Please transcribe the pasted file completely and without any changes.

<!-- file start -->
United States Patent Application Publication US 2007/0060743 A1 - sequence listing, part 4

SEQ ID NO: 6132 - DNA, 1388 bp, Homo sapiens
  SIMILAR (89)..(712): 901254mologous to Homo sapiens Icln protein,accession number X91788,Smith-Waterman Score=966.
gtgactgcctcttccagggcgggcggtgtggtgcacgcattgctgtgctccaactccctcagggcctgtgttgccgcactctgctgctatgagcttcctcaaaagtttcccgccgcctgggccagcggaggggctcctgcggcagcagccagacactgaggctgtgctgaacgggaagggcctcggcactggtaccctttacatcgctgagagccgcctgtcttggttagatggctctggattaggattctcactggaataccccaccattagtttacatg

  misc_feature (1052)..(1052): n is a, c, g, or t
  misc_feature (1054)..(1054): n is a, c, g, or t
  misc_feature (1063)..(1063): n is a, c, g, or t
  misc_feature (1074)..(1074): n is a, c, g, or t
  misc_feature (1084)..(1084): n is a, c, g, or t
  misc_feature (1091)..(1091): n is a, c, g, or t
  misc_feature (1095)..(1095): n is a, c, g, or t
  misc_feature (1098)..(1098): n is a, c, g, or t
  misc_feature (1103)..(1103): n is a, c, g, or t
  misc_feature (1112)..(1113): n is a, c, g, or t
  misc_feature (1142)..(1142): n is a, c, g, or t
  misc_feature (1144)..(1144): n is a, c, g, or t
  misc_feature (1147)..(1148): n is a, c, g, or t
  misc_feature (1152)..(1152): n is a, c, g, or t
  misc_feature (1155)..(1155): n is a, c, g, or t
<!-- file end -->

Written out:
United States Patent Application Publication US 2007/0060743 A1 - sequence listing, part 4

SEQ ID NO: 6132 - DNA, 1388 bp, Homo sapiens
  SIMILAR (89)..(712): 901254mologous to Homo sapiens Icln protein,accession number X91788,Smith-Waterman Score=966.
gtgactgcctcttccagggcgggcggtgtggtgcacgcattgctgtgctccaactccctcagggcctgtgttgccgcactctgctgctatgagcttcctcaaaagtttcccgccgcctgggccagcggaggggctcctgcggcagcagccagacactgaggctgtgctgaacgggaagggcctcggcactggtaccctttacatcgctgagagccgcctgtcttggttagatggctctggattaggattctcactggaataccccaccattagtttacatg

  misc_feature (1052)..(1052): n is a, c, g, or t
  misc_feature (1054)..(1054): n is a, c, g, or t
  misc_feature (1063)..(1063): n is a, c, g, or t
  misc_feature (1074)..(1074): n is a, c, g, or t
  misc_feature (1084)..(1084): n is a, c, g, or t
  misc_feature (1091)..(1091): n is a, c, g, or t
  misc_feature (1095)..(1095): n is a, c, g, or t
  misc_feature (1098)..(1098): n is a, c, g, or t
  misc_feature (1103)..(1103): n is a, c, g, or t
  misc_feature (1112)..(1113): n is a, c, g, or t
  misc_feature (1142)..(1142): n is a, c, g, or t
  misc_feature (1144)..(1144): n is a, c, g, or t
  misc_feature (1147)..(1148): n is a, c, g, or t
  misc_feature (1152)..(1152): n is a, c, g, or t
  misc_feature (1155)..(1155): n is a, c, g, or t